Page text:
Also this year TSKŻ has been one of the co-hosts of “The March in Memory of 22nd July 1942″. Let’s march together on 22nd July at 6:00 PM to pay tribute to the murdered inhabitants of the Warsaw Ghetto. Our March will start at the Umschlagplatz Monument.
Eighty years have passed since the time when Jewish community of Warsaw was virtually doomed to death – said Monika Krawczyk, Head of the Jewish Historical Institute. In Summer 1942, the Germans deported nearly 3000 thousand Jews to the Treblinka death camp. Feel free to join our annual March in Memory of 22nd July 1942 in order to pay tribute to the murdered inhabitants of the Warsaw Ghetto. This year’s March will be dedicated to the memory of refugees and expats who accounted for one-fourth of all residents of the “closed district”
Eighty years ago the Germans launched the so-called Grossaktion plan in order to deport the Jewish residents of the occupied Warsaw to the Treblinka death camp. The deportations took place from 22nd July till 21st September 1942 at the so-called Umschlagplatz – a loading bay at Stawki Street, where people were forcibly packed into overcrowded trains and sent to gas chambers, and as a result of such deportations, nearly all Jewish inhabitants of Warsaw lost their lives.
By taking part in the annual March in Memory of 22nd July 1942 we will pay tribute to the exterminated residents of Warsaw of the Jewish origin. We will particularly remember all refugees and expats coming from various towns and cities across the occupied Poland and Europe, who either lost their lives in the Warsaw Ghetto due to hunger and illnesses, or were murdered by the Nazi Germans in Treblinka. – Every fourth resident of the “closed district” had been forcibly displaced from other cities such as Łódź, Płock, Skierniewice, Sierpc, Góra Kalwaria, Piaseczno, or even Berlin and Hamburg. The refugees used to placed at the worst spots across the ghetto, which most often included overcrowded shelters called “sites”, and were the first ones to be deported to the Treblinka death camp. We kindly invite everyone to take part in this special event. Showing the world that we still remember is both our duty and privilege – says Monika Krawczyk, Head of the Jewish Historical Institute.
The March will commence on 22nd July at 6.00 PM at the Umschlagplatz Monument in Warsaw (ul. Stawki 10, near ul. Dzika). The participant will walk along a symbolic route “from death to life” which will end at Stare Nalewki (at Ogród Krasińskich) where used to be the very heart of the Jewish district in the pre-war Warsaw. The March will be followed by Michał Pepol’s concert titled “We Are Standing at the Ghetto Walls with our Arms Down”. The special guest star will be Sława Przybylska, a legendary Polish singer. Just like every year, the participants will carry symbolic Awareness Ribbons featuring the names of Jewish expats and refugees, which will become part of the display. Additionally, an open air exhibition designed by Jan Strumiłło and commemorating the victims and will be opened to visitors at Stare Nalewki until 1st September. Apart from the art installations we have planned a series of side events. More details will be available soon at: www.jhi.pl.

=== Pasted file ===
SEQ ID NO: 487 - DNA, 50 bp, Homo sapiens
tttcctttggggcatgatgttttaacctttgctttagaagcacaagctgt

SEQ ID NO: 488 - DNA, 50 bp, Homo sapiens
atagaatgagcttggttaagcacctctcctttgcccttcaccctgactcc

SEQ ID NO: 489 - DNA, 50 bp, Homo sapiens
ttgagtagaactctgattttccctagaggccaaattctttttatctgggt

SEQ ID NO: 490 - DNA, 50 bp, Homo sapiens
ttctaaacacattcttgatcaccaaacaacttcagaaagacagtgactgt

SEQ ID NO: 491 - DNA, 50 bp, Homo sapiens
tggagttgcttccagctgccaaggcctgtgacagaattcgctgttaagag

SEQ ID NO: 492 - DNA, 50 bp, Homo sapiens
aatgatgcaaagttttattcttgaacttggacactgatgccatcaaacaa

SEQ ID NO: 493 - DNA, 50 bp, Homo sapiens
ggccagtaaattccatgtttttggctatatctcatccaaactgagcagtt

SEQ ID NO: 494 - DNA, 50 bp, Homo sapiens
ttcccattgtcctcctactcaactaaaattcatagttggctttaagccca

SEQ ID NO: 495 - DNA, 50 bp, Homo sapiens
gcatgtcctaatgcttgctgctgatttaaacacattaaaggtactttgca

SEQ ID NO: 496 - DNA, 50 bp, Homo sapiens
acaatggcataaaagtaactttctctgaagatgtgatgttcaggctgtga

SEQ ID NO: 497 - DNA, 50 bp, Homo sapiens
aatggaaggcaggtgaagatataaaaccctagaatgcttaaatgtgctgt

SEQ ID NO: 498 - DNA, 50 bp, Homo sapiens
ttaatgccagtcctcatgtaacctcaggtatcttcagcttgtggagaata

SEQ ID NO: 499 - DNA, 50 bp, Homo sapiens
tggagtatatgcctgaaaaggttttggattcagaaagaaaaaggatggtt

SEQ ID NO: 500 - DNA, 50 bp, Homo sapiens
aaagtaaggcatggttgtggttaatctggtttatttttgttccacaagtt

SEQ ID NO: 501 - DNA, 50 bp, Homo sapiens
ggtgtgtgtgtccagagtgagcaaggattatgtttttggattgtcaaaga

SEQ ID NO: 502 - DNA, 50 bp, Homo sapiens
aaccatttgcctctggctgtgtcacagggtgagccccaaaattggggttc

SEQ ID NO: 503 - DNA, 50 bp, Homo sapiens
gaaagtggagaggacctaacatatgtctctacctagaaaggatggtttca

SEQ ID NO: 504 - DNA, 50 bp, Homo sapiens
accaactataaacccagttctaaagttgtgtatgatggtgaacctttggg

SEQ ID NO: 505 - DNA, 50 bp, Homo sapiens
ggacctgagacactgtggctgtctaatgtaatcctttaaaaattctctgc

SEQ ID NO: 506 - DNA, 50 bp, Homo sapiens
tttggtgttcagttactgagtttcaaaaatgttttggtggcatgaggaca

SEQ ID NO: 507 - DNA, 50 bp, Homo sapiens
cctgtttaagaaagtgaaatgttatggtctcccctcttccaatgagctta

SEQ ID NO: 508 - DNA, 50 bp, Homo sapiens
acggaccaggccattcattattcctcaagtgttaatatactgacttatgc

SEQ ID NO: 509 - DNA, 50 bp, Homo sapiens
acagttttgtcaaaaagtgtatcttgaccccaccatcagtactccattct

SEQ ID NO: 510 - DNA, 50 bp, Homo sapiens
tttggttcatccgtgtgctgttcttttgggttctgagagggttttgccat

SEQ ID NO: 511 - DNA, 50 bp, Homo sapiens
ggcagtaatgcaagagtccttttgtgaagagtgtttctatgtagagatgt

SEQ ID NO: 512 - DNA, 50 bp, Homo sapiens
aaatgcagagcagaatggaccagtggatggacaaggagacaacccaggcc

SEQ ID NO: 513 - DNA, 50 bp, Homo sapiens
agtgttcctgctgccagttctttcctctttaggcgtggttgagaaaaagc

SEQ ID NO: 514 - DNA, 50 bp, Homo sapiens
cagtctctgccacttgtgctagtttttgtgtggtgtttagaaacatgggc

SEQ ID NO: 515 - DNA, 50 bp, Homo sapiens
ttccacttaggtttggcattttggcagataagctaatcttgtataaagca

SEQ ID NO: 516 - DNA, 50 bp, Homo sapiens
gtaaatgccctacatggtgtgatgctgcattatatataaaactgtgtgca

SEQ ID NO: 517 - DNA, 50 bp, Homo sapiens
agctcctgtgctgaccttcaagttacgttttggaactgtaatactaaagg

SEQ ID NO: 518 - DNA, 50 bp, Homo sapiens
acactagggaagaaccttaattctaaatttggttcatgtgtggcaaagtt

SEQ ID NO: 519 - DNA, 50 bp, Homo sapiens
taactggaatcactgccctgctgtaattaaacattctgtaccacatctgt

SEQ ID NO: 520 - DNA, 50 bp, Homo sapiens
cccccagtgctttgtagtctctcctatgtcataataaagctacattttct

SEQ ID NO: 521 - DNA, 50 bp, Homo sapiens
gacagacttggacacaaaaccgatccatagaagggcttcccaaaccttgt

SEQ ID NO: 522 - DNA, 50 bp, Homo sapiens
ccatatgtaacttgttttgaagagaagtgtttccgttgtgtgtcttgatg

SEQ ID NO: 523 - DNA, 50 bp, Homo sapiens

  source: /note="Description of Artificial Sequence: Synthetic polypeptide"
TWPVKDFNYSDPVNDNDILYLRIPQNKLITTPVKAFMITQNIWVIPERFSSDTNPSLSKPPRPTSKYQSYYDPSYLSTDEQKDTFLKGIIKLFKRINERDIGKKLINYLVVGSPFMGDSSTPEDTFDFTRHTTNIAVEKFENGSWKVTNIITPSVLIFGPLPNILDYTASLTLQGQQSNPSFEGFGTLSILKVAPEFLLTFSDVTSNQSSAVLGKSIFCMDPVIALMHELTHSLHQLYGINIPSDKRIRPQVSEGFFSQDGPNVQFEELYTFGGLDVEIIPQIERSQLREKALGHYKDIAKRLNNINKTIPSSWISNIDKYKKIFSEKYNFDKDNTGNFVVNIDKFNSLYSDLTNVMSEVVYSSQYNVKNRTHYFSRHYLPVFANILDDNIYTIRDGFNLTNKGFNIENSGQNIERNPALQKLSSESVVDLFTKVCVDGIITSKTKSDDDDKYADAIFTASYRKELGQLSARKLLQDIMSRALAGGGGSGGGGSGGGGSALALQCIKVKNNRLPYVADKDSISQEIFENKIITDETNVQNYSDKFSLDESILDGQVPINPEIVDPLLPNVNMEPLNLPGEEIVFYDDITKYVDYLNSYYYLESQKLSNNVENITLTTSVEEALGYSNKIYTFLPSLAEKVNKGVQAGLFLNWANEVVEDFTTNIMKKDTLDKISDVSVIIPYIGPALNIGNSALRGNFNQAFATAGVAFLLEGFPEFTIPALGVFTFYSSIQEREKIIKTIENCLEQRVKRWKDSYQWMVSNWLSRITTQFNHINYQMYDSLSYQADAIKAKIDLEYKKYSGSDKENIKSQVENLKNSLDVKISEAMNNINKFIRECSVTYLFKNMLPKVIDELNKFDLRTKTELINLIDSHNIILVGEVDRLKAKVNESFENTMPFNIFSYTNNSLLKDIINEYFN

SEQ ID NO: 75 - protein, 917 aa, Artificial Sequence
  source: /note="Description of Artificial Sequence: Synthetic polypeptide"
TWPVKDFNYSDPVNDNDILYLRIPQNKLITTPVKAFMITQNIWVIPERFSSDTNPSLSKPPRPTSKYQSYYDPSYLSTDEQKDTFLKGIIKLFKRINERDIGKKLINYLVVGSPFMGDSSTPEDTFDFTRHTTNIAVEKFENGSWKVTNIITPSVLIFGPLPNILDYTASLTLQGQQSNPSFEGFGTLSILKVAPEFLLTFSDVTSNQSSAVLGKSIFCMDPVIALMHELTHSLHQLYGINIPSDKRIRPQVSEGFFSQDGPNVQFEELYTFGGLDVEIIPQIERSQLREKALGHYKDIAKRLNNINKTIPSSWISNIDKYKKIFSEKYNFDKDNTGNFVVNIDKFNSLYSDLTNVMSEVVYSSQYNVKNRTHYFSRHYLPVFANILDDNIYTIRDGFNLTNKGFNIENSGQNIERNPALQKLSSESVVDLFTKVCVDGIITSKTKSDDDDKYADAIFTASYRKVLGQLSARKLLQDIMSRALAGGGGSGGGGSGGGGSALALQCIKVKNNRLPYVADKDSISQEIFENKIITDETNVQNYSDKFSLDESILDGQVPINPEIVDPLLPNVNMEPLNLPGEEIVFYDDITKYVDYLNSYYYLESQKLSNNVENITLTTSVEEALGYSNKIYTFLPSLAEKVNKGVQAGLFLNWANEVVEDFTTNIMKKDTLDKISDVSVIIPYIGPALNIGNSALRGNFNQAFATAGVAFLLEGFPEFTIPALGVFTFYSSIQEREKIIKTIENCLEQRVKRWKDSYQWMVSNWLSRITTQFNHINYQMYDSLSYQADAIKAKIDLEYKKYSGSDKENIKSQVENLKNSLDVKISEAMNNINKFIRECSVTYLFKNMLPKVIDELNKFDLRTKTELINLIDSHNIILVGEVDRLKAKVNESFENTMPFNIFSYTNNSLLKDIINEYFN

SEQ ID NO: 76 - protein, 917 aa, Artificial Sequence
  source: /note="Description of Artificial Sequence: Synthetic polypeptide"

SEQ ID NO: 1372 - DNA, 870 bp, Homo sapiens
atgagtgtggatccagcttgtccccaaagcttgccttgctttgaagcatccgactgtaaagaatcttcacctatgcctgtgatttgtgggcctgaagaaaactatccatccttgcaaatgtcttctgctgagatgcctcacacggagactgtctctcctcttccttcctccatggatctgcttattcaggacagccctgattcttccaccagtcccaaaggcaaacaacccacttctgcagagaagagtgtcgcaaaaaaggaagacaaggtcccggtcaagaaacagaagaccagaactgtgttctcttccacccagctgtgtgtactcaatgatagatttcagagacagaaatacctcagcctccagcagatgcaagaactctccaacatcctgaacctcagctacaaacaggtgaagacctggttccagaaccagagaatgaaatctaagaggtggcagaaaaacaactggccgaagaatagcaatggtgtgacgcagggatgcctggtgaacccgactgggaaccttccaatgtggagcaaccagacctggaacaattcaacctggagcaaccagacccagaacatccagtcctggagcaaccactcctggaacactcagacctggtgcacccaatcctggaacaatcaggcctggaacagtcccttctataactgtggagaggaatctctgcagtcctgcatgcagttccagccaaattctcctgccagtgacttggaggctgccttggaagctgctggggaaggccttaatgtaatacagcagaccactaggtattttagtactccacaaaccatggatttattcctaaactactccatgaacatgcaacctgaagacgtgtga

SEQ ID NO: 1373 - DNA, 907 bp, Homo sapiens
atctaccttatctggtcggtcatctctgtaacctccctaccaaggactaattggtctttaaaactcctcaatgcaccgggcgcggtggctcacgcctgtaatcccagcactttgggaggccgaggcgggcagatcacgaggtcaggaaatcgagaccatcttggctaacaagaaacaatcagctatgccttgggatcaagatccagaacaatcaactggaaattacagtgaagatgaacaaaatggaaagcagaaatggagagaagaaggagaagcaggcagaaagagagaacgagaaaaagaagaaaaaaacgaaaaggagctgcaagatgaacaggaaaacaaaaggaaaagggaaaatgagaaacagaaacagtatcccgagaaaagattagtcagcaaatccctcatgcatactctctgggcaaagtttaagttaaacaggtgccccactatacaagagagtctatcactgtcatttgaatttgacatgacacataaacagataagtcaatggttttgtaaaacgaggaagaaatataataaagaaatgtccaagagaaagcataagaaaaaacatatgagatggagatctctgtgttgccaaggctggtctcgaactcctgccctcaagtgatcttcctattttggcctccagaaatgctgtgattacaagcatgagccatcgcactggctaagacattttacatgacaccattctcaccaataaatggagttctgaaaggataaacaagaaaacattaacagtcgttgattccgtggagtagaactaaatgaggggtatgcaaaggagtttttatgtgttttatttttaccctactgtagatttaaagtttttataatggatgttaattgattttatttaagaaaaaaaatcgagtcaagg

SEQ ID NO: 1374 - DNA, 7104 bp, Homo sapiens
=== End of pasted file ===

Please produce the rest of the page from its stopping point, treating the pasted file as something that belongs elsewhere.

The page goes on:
The March in Memory of 22nd July 1942 – 22nd July 2022, 6.00 PM
Host of the Event: The Emmanuel Ringelblum Jewish Historical Institute
Route: The Umschlagplatz Monument – ul. Stawki – ul. Andersa –Ogród Krasińskich – ul. Stare Nalewki.
At the beginning of the Event, the voluntary workers will distribute Awareness Ribbons with people’s names.
email@example.com, Phone: 22 827 92 21 Ext. 109
Franciszek Bojańczyk, firstname.lastname@example.org, +48 728 968 622
Aleksandra Przeździecka-Kujałowicz, email@example.com, +48 785 170 126
The Cultural Projects and Communications Department, Jewish Historical Institute
Reinhardt Operation. The 80th Anniversary of the Holocaust in Poland
The year 2022 marks the 80th anniversary of the launching of the so-called Reinhardt Operation – the planned extermination of the Polish Jews which was scheduled and carried out by the Nazi Germans. From March 1942 till November 1943, the Nazi Germans murdered nearly 2 million of Jews in the General Governorate, Białystok District and other European countries such as Bohemia and Moravia, Slovakia, Greece, Macedonia, Germany and Austria.
The major extermination centres were the death camps in Bełżec, Sobibór, Treblinka and Majdanek – where gas chambers were used. Thousands of Jews were also shot dead in the streets of ghettos, or died during transportation due to the lack of water and air. As a result of the Reinhardt Operation, the majority of Jewish communities in the occupied Poland ceased to exist.